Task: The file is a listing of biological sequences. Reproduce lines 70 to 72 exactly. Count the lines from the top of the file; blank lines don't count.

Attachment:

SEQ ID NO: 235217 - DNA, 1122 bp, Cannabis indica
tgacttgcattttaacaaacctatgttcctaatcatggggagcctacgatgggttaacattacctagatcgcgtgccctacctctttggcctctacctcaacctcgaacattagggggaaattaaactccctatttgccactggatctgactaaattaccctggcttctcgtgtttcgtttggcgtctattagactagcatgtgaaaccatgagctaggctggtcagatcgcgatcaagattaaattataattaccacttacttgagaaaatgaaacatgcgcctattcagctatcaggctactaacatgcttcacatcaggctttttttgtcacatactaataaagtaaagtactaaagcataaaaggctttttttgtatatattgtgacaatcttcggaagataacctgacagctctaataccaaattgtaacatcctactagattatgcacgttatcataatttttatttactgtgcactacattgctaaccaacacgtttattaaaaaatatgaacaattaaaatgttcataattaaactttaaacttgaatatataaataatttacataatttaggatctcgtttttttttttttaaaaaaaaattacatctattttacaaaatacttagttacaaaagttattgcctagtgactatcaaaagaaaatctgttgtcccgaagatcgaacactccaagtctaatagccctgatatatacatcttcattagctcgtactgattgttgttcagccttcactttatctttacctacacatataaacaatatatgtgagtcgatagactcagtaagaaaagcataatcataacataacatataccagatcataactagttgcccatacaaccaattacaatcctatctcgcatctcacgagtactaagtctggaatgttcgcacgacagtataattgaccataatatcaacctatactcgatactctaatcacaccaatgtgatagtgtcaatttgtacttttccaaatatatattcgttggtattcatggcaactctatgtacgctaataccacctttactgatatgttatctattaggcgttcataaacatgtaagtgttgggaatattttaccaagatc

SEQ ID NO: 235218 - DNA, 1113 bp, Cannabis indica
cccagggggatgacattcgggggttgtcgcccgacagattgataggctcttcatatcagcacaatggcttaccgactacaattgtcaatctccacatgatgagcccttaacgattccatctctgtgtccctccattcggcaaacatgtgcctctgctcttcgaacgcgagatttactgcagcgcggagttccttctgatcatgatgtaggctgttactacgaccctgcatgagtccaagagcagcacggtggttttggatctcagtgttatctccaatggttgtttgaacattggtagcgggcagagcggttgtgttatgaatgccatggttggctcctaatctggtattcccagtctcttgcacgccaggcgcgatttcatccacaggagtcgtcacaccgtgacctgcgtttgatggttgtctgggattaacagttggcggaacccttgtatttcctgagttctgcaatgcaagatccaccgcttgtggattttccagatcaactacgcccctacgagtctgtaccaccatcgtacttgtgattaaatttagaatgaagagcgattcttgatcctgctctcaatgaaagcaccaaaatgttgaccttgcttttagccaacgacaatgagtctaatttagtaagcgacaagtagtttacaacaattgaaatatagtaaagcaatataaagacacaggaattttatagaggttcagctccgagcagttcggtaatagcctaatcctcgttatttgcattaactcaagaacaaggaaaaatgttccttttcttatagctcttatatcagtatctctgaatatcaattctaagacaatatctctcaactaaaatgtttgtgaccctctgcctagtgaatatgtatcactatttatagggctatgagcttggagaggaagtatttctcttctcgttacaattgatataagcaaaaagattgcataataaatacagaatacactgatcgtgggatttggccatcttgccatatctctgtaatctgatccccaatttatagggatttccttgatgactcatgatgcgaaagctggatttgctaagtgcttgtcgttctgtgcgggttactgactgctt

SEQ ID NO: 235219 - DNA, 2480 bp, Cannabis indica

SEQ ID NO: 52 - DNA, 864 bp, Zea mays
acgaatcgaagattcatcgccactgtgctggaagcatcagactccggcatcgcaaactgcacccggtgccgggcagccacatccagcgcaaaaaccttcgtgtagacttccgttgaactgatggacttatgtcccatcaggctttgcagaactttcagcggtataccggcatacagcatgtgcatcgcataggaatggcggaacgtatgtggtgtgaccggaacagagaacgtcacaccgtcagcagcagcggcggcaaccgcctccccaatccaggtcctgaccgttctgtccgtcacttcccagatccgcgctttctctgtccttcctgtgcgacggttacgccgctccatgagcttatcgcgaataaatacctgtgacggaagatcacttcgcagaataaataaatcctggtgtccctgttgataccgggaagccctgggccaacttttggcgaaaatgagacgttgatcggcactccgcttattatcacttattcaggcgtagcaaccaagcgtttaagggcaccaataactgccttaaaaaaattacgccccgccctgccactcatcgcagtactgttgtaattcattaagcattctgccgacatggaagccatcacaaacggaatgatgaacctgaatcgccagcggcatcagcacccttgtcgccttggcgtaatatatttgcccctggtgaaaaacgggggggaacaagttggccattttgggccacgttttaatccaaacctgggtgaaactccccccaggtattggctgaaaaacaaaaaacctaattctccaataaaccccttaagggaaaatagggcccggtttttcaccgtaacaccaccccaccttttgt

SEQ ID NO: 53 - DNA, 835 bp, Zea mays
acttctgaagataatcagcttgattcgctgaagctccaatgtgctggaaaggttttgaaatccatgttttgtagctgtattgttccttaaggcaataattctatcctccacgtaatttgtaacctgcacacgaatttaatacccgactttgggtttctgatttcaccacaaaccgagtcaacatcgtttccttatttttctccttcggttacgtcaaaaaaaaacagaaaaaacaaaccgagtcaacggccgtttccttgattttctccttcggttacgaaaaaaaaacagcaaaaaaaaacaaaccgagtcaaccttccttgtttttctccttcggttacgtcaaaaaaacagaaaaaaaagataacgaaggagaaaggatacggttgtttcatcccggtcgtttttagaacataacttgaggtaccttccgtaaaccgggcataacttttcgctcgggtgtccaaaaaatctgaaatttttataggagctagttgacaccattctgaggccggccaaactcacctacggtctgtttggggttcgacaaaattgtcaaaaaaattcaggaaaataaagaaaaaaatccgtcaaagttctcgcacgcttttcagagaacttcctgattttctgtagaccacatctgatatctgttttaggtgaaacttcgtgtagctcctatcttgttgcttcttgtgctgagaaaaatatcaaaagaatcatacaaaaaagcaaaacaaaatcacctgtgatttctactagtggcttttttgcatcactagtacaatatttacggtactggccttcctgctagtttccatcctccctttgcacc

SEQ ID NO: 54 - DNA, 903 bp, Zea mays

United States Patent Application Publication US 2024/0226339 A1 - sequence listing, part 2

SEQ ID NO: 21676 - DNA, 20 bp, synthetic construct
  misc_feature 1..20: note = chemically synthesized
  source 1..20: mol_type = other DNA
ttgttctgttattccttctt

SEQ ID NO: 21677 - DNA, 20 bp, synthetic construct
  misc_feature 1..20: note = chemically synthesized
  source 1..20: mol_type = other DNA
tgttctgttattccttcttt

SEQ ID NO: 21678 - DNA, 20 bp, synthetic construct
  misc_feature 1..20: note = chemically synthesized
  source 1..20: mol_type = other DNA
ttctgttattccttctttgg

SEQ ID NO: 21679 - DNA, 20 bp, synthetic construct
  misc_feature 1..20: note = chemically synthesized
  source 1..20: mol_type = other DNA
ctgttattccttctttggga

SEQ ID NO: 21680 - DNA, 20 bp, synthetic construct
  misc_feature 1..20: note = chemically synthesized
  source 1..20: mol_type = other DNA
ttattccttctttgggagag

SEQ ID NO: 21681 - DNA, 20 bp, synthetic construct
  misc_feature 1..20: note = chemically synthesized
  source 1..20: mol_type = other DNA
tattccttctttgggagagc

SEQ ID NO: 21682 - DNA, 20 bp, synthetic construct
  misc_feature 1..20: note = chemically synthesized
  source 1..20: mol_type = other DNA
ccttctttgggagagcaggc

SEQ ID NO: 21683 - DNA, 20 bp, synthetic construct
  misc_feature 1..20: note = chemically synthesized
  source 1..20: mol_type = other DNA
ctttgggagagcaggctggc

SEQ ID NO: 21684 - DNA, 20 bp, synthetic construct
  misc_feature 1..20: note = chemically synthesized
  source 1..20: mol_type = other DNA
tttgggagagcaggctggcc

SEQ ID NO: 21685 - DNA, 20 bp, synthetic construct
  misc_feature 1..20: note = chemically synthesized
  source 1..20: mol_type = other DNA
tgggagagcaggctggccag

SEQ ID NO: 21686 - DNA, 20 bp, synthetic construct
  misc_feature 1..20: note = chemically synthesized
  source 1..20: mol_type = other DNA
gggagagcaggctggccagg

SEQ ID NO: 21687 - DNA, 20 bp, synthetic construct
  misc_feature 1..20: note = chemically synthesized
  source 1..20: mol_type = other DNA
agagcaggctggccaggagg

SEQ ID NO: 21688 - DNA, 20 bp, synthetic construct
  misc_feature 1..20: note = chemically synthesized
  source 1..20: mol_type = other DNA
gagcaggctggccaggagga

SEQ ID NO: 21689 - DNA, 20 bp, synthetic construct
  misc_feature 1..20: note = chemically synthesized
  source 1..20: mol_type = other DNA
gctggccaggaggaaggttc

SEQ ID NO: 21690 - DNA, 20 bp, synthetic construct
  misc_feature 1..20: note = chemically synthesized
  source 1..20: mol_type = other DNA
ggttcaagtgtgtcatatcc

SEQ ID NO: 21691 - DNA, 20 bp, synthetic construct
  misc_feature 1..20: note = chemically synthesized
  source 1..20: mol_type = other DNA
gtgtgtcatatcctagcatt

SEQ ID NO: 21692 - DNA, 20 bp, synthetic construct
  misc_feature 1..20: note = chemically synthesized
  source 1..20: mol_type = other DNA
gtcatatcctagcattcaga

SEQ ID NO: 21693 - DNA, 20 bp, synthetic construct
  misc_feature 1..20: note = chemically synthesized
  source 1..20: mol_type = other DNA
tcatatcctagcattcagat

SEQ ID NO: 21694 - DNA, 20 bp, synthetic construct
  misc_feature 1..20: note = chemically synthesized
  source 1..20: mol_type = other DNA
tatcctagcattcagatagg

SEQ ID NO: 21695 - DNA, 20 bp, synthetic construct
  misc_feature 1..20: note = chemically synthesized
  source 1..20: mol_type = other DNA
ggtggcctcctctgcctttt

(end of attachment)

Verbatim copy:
  source 1..20: mol_type = other DNA
ggttcaagtgtgtcatatcc

SEQ ID NO: 21691 - DNA, 20 bp, synthetic construct